Jan. 9 (Bloomberg) -- Former Cincinnati Reds shortstop Barry Larkin was elected to the National Baseball Hall of Fame after a 19-year career that included the 1995 National League Most Valuable Player award.
Larkin, a 12-time All-Star, was selected on 86 percent of ballots submitted by members of the Baseball Writers Association of America, the Cooperstown, New York-based Hall of Fame said today in a statement. Nominees need at least 75 percent of the votes for induction.
Larkin, who was on the ballot for the third year, garnered 62.1 percent of the vote in 2011, a year after receiving 51.6 percent. It’s the fourth time in seven years that only one player was voted into the hall by the writers’ association.
“I am so excited,” Larkin said in a televised interview. “I’m just incredibly proud, moved and appreciative of this induction. It’s amazing, just amazing.”
Former New York Yankees center fielder Bernie Williams, who was on the ballot for the first time, received 10 percent of the vote, while 20-year veteran Ruben Sierra drew no votes and will be removed from the list.
Jack Morris received 67 percent, while Jeff Bagwell (56 percent), Lee Smith (51 percent), Tim Raines (49 percent), Edgar Martinez (37 percent), Alan Trammell (37 percent), Fred McGriff (24 percent), Larry Walker (23 percent) and Mark McGwire (19.5 percent) also came up short.
McGwire’s Lowest Total
McGwire, who set the single-season home run record of 70 that Barry Bonds eventually broke, has admitted steroid use and never has received more than 23.7 percent of votes from the writers. His 19.5 percent total this year was his lowest in the six years he has been eligible.
In a career spent entirely with the Reds, Larkin had 2,340 hits, 198 home runs and stole 379 bases to go with a .295 batting average. In 1990, he batted .353 to help the Reds win the World Series. Larkin joins former catcher Johnny Bench as the only two players who spent their entire careers with the Reds to be elected.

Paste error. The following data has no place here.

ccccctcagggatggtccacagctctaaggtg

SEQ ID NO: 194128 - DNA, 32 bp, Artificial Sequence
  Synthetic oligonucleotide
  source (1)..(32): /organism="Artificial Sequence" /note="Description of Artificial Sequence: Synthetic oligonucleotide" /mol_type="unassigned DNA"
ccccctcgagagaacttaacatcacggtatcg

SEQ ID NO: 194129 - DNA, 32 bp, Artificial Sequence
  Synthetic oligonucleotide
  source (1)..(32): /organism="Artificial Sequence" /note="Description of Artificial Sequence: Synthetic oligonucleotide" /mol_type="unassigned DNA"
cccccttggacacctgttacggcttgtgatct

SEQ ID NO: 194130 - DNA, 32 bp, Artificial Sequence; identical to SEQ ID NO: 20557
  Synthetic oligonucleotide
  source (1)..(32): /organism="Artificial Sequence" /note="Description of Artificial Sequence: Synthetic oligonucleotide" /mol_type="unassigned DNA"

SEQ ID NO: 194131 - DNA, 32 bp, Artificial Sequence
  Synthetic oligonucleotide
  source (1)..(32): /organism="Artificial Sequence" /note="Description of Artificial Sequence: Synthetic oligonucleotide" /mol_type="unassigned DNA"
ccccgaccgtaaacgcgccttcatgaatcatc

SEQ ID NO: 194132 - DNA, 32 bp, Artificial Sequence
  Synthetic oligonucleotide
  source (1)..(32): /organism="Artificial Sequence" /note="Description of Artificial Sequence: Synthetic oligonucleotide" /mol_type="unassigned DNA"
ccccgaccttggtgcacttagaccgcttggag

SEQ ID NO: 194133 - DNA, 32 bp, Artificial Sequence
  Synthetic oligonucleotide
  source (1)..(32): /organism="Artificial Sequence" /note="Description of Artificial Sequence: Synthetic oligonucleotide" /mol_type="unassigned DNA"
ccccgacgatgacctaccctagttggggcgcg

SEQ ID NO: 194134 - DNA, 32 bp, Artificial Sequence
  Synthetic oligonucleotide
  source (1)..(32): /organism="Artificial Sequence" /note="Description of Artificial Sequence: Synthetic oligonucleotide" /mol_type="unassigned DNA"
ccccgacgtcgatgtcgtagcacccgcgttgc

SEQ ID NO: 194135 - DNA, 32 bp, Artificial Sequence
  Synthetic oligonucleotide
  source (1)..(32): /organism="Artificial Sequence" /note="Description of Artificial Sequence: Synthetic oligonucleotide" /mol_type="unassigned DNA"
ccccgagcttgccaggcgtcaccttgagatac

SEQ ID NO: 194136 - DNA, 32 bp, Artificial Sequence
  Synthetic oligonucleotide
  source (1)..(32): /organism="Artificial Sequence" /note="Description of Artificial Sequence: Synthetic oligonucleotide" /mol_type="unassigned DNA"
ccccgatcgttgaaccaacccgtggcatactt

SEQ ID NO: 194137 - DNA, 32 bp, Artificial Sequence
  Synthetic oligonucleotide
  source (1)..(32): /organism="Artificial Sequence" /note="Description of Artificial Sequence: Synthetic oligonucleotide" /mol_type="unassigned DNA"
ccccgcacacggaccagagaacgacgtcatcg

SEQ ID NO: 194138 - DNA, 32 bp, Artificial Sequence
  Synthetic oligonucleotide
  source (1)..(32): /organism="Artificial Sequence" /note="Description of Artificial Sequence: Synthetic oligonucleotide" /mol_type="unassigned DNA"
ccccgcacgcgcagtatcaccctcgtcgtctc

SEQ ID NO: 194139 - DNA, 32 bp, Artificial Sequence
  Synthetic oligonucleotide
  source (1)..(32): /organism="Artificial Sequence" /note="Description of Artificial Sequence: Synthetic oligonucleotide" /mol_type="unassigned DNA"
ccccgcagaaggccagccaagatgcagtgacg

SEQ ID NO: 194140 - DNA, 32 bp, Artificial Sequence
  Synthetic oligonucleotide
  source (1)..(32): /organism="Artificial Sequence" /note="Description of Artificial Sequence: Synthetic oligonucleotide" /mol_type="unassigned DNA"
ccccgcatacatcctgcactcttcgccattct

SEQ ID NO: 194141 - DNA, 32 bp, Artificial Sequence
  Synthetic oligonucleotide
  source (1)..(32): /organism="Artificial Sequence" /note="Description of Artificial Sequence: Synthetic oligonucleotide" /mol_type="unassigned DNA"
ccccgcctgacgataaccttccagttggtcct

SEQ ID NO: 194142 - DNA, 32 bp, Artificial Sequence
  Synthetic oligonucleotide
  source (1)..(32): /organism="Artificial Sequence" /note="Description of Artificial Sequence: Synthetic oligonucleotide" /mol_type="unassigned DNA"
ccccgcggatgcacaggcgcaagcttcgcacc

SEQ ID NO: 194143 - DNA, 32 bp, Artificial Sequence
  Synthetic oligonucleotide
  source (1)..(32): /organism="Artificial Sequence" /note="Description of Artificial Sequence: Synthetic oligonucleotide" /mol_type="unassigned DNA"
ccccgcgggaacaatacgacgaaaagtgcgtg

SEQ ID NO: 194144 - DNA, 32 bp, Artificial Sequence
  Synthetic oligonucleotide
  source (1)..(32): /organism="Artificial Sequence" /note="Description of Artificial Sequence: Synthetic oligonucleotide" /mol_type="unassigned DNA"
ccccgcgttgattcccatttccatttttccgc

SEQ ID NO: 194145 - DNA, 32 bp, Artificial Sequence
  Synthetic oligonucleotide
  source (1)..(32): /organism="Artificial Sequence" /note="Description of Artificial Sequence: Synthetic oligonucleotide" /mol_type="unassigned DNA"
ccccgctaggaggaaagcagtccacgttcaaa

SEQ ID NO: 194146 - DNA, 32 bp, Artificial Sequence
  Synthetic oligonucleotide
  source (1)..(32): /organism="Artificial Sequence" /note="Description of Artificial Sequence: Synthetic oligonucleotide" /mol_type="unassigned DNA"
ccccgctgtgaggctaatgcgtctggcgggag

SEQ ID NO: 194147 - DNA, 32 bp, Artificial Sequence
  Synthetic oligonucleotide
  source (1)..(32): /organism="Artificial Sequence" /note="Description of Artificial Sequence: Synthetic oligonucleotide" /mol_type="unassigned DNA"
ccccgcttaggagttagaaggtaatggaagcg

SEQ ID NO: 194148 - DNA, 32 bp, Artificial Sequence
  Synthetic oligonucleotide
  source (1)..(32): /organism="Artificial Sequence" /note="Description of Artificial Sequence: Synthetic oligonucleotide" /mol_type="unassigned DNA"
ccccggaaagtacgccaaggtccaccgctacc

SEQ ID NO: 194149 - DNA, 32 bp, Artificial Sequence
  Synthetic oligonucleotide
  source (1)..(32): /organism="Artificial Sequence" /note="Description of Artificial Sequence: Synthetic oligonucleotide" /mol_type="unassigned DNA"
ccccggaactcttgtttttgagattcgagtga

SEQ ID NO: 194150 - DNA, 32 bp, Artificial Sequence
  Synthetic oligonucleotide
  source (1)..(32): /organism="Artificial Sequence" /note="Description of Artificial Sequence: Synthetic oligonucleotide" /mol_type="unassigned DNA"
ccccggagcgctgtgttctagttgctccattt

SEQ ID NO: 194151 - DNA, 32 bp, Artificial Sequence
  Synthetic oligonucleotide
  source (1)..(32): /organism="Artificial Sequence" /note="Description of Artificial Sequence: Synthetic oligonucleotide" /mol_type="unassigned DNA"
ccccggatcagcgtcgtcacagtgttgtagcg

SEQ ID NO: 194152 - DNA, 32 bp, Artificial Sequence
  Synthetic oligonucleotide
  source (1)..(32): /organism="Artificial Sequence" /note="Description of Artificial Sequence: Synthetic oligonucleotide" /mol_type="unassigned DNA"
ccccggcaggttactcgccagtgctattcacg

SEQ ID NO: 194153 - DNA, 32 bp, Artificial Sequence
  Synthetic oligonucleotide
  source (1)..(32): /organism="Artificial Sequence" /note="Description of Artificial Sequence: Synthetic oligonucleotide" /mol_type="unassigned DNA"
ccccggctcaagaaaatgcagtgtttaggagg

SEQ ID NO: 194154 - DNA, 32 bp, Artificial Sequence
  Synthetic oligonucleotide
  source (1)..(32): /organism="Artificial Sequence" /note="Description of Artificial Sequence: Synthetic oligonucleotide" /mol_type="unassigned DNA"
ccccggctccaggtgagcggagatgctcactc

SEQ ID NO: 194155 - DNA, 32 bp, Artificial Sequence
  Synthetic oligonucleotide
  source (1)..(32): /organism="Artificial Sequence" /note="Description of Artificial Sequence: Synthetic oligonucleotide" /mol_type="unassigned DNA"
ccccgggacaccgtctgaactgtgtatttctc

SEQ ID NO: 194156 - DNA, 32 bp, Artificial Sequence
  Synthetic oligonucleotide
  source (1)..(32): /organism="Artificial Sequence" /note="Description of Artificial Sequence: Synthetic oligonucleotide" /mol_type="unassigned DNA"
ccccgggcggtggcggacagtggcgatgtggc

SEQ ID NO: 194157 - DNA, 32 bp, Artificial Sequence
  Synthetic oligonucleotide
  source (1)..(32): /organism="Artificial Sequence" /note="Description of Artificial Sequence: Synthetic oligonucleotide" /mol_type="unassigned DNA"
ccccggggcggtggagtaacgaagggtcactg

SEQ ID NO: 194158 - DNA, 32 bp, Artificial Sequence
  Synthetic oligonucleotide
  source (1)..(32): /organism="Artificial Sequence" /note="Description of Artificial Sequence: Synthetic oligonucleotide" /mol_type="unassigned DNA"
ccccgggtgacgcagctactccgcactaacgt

“I am so looking forward to being part of that elite team, reaching baseball immortality,” Larkin said. “When my kids are old and their grandkids are grown, they’re always going to be able to say, ‘Yeah, that guy, my grandfather, my great grandfather, great-great grandfather, he was one of the best in the game.’ I am so phenomenally proud.”
At the July 22 induction ceremony, Larkin will enter the hall with former Chicago Cubs third baseman Ron Santo, who was elected with 15 votes from the 16 members of the Golden Era Committee late last year.
Santo, a nine-time All-Star who battled diabetes throughout his career, died in December 2010 at the age of 70. He had 342 home runs and won five Gold Gloves for his defense while playing for the Chicago Cubs and White Sox from 1960 through 1974.
Next year’s class of candidates will include Bonds, the major league career home run leader and seven-time NL MVP, and Roger Clemens, a 300-game winner and record seven-time recipient of his league’s Cy Young Award as the best pitcher.
Bonds was convicted of obstructing a federal investigation into steroid use in baseball, and Clemens faces trial in U.S. District Court in Washington for allegedly lying to a congressional committee about using banned performance-enhancing drugs.
Others on this year’s ballot were 2003 American League batting champion Bill Mueller, 1993 AL Rookie of the Year Tim Salmon, Rafael Palmeiro, Juan Gonzalez, Jeromy Burnitz, Vinny Castilla, Brian Jordan, Javy Lopez, Don Mattingly, Terry Mulholland, Dale Murphy, Phil Nevin, Brad Radke, Tony Womack and Eric Young.
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